Player: Tristan Jarry
Born: April 29, 1995 (26 years old)
Weight: 194 lbs.
Hometown: Surrey, British Columbia
Draft: 2013, 44th overall (2nd round) by the Penguins
2020-21 Statistics: 39 games played, 25 wins, 9 losses, 3 OT/SO losses
Contract Status: Under contract for two more seasons at a cap hit of $3.5M, will be an unrestricted free agent following the 2022-23 season.
2019-20 Pensburgh Season in Review - 51% Grade A, 47% Grade B, 1% Grade C
This doesn’t need to be elaborated on too much. Jarry was the reason the Penguins faltered in the first round of the postseason. Average goaltending would’ve been more than enough to see the Penguins through to a second-round series with the Boston Bruins, but Jarry allowed goals in several of the team’s losses that simply cost them the game.
The goals allowed in Game 1 when the Penguins came out firing set them behind in the series and then the goal to give away Game 5 in double overtime was just brutal.
Story of the Season
The story of the season is his postseason. While his regular season numbers were impressive and indicative of those of a starting goaltender for a contending team like this year’s Penguins roster was and should have been, the postseason overshadows everything else.
Regular season 5v5 advanced stats
Save Percentage - .923%
Goals Against Average - 2.25
Goals Saved Above Average - -1.38
Shots Against - 888
Saves - 820
Goals Against - 68
Expected Goals Against - 64.16
High Danger Shots Against - 242
High Danger Saves - 198
High Danger Goals Against - 44
High Danger Save Percentage - .818%
Average Shot Distance - 34.77 feet
Average Goal Distance - 18.97 feet
Seeing how Jarry’s game seemed to fall off of a cliff at the end of the 2019-20 season, this recent campaign was just the opposite of that. His game got stronger as the season went on, peaking when it comes to a rolling average, at the end of the regular season.
We often saw situations in the past where it seems like the Penguins played differently for their goaltenders.
That was not the case this year. The Penguins’ defense performed almost identically defensively, regardless of goaltender. They allowed an expected 2.27 goals against per 60 when Jarry played (left chart) and pretty much had the same looking chart on the right when Jarry didn’t play. Overall, Pittsburgh’s defensive system is generally very good at restricting shots from between the circles and in close, but will allow teams perimeter shots from the point and further out shots.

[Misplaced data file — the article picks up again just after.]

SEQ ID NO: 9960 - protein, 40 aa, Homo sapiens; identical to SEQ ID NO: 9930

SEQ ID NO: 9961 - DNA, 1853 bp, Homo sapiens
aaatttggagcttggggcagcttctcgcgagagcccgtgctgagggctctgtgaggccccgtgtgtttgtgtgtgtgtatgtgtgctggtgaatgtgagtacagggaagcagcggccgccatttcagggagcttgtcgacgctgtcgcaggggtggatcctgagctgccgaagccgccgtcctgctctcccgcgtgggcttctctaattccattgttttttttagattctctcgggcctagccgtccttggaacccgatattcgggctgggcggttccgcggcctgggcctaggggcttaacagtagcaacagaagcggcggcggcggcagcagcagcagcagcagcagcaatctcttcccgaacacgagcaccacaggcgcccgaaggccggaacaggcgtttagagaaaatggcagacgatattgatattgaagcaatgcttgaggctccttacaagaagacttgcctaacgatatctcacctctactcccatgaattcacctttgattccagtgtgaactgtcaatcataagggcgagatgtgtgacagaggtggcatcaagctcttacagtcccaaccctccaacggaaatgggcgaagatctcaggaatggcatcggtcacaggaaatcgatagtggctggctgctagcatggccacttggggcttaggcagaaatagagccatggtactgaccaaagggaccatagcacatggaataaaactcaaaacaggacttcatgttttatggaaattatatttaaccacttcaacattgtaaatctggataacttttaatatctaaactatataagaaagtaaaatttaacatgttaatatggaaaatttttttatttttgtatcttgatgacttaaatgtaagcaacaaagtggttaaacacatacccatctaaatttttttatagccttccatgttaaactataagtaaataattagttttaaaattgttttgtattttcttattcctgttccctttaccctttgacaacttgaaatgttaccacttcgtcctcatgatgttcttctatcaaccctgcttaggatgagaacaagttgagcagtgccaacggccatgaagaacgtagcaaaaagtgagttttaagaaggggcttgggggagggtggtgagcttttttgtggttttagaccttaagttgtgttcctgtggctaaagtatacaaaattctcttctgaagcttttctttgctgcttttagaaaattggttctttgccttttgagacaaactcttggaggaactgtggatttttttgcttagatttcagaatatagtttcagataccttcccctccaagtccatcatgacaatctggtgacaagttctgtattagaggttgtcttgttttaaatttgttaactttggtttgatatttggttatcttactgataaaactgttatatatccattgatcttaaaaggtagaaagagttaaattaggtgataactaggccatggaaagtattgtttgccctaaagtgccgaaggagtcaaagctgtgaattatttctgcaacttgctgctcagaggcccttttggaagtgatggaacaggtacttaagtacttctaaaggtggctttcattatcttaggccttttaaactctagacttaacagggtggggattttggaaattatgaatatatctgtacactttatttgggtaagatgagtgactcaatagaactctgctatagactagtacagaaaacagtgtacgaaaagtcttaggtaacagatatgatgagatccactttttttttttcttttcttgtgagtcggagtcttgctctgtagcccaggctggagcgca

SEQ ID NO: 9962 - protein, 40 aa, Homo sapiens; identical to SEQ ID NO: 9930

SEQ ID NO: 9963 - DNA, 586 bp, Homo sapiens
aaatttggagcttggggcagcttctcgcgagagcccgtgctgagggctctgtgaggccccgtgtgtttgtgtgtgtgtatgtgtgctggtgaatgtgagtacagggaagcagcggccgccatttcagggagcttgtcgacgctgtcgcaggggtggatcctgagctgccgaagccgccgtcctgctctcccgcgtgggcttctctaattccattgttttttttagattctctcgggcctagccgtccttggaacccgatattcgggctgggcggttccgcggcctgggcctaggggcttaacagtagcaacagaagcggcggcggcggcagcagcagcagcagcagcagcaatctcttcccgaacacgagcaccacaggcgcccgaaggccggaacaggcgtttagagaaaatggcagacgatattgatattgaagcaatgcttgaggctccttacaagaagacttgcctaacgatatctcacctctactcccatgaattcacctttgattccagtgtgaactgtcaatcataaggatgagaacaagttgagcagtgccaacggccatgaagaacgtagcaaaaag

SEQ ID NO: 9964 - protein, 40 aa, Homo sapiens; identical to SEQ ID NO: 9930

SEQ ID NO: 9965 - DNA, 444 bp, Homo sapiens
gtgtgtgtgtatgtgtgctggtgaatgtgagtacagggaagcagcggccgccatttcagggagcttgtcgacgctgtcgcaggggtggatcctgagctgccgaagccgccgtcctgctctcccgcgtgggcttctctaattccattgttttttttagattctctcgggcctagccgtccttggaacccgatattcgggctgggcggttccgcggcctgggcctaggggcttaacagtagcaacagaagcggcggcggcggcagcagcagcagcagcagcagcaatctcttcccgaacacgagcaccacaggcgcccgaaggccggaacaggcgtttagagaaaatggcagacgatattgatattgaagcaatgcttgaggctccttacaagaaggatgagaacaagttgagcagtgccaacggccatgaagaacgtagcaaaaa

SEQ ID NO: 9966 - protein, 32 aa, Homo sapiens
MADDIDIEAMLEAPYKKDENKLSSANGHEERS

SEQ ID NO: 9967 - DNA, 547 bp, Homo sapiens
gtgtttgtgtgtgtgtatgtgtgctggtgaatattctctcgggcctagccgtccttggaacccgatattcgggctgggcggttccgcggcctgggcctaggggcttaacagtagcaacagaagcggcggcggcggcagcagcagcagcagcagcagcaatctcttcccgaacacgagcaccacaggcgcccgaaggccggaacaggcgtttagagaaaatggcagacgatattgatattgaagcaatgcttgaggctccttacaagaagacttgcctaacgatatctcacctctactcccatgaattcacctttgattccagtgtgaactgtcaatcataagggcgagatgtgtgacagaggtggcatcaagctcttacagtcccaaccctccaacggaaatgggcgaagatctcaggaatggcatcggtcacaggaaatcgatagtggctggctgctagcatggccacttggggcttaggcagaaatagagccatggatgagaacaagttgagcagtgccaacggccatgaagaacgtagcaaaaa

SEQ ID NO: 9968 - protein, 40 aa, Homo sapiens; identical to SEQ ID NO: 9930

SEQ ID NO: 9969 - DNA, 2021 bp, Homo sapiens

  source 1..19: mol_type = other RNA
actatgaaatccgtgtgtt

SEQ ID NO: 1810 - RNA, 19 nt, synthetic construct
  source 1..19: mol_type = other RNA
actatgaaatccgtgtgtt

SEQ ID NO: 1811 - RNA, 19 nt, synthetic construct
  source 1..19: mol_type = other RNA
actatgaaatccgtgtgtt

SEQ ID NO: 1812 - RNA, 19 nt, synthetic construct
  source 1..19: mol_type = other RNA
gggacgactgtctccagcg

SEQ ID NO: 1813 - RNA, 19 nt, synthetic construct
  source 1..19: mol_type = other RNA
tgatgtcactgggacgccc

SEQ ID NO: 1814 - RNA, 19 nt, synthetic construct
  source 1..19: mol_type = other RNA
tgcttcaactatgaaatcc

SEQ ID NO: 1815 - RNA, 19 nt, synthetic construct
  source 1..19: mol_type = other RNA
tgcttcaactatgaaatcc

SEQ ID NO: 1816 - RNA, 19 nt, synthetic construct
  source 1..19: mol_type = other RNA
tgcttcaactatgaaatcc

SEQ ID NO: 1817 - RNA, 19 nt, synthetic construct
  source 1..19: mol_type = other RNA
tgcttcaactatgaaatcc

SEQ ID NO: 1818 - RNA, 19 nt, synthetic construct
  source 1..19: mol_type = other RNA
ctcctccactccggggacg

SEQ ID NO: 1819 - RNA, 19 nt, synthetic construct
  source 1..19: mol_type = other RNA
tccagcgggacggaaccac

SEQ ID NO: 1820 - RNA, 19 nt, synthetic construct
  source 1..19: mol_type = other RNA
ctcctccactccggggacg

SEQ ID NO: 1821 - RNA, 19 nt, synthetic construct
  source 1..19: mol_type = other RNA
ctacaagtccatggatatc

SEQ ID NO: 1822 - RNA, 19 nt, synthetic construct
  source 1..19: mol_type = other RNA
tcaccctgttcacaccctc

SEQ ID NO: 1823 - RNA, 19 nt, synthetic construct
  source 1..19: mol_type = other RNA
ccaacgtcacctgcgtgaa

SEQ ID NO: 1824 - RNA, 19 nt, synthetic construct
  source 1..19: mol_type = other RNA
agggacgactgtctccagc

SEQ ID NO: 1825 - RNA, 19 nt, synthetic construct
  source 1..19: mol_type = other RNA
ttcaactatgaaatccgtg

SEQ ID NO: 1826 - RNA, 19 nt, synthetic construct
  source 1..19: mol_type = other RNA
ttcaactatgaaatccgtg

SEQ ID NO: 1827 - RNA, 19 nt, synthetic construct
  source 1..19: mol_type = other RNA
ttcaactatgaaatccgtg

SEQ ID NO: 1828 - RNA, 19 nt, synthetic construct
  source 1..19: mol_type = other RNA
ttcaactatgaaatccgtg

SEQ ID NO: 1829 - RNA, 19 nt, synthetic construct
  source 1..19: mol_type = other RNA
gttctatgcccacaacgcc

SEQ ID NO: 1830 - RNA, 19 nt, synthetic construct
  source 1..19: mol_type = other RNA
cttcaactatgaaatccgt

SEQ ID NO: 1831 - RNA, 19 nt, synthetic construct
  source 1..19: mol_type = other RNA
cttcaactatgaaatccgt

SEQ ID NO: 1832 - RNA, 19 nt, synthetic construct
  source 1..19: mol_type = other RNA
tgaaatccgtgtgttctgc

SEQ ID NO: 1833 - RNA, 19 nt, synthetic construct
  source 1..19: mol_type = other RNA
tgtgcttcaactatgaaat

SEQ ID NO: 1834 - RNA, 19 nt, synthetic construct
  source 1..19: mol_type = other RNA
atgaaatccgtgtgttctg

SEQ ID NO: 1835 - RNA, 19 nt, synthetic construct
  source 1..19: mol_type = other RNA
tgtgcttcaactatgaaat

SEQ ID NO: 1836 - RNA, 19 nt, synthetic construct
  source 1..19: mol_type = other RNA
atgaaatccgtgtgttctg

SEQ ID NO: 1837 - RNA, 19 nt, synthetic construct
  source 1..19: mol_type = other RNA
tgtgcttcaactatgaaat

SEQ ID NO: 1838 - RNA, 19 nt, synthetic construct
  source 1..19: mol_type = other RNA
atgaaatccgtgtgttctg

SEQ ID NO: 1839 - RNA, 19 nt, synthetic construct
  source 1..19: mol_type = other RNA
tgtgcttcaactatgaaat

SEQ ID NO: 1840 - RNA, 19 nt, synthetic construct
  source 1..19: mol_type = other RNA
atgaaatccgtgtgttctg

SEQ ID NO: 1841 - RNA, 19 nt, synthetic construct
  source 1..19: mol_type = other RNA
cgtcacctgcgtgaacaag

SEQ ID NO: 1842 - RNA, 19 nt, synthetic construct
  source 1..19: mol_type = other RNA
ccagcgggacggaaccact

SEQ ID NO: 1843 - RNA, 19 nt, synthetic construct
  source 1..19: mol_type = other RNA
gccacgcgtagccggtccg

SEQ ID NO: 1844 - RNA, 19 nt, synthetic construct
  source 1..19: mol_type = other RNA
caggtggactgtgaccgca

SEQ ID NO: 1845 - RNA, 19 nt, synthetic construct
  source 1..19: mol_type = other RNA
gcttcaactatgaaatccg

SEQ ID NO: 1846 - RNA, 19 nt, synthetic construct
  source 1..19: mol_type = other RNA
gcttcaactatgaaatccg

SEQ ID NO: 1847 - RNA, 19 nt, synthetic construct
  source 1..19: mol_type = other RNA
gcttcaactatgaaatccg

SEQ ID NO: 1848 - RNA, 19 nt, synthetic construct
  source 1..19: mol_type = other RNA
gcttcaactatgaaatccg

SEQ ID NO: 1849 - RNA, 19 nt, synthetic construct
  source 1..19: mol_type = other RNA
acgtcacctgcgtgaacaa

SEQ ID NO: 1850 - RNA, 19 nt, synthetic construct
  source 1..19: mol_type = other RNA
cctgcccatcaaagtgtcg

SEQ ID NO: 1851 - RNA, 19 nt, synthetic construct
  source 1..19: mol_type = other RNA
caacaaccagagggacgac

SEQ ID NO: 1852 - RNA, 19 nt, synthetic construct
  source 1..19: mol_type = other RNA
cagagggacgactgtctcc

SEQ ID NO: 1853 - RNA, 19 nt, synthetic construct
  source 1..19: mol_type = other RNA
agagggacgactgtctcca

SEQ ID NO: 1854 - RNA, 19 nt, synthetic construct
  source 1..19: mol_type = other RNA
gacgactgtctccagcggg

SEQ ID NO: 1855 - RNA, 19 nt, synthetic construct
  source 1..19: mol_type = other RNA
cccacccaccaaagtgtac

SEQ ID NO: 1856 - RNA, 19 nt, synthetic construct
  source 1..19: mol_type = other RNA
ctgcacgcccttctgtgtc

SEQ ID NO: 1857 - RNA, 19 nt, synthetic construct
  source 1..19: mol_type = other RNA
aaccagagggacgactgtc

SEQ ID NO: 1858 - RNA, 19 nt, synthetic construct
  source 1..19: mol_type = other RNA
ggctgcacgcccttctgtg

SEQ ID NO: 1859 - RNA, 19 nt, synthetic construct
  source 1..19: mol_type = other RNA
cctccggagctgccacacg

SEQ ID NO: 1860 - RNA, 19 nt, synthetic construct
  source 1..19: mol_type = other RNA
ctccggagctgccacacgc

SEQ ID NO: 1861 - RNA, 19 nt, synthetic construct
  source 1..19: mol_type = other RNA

Jarry excelled at stopping wrist and snap shots this season, saving six goals for the Penguins over the course of the season based on location of shot expectations for goals. He was about as expected on backhands but really struggled with slapshots (allowing almost three more goals than expected). Tips and deflections were also above expectation, a common and understandable issue for goaltenders across the board.
Overall, Jarry has been just an incredibly average goalie. That is all that the Penguins needs with the current roster composition. When Jarry played very well, it showed. When he played very poorly, like in the postseason, it showed even more.
Jarry’s goaltending cost the Penguins the first-round series against the Islanders, and that’s not just an opinion. Data backs that up.
Look at Game 1, when the Islanders won in overtime. And look at Game 5 when the Penguins dominated and the double overtime giveaway was the story. Game 6, the Penguins played well enough to force a Game 7 but Jarry couldn’t keep the puck out of the net behind him.
Here's the story of the series right here. In the first four games, both the Pens and Isles got below-average goaltending, but Tristan Jarry singlehandedly cost Pittsburgh two games they should have won, while Sorokin was steady. pic.twitter.com/Q9JQU72XHz— JFresh (@JFreshHockey) May 27, 2021
Sadly, in this business, it’s “What have you done for me lately?” and Jarry’s regular season, as good as it was, does not matter.
We’ve discussed the three games above, but:
Jarry’s postseason defined the Penguins postseason. There have been a plethora of reactions as to what the Penguins need to do. Suggestions of trading Jarry, forcing Seattle to take Jarry in the expansion draft, and re-acquiring Marc-Andre Fleury have all been discussed.
In the immediate aftermath of the series loss, there was much chatter that Jarry can never play for the Penguins again. I don’t personally subscribe to that theory. We saw a time period where the Penguins’ goaltending tanked (or tried to tank) their postseason in 2012 and 2014 against the Flyers and Blue Jackets (with the team prevailing to win the Blue Jackets series anyway), and tolerated terrible postseason goaltending because Marc-Andre Fleury was a nice guy....but suddenly, Matt Murray needed shipped out immediately and now the same case applies for Jarry. I disagree. I say he should get another chance.
Ideally, Jarry just.....reverts to his regular season form and doesn’t turn into a pumpkin as soon as “Stanley Cup Playoffs” gets painted on the ice, but who knows how likely that may or may not be.
You’ve seen the data— now it’s time to share your thoughts!
How would you grade Tristan Jarry’s 2020-21 season?
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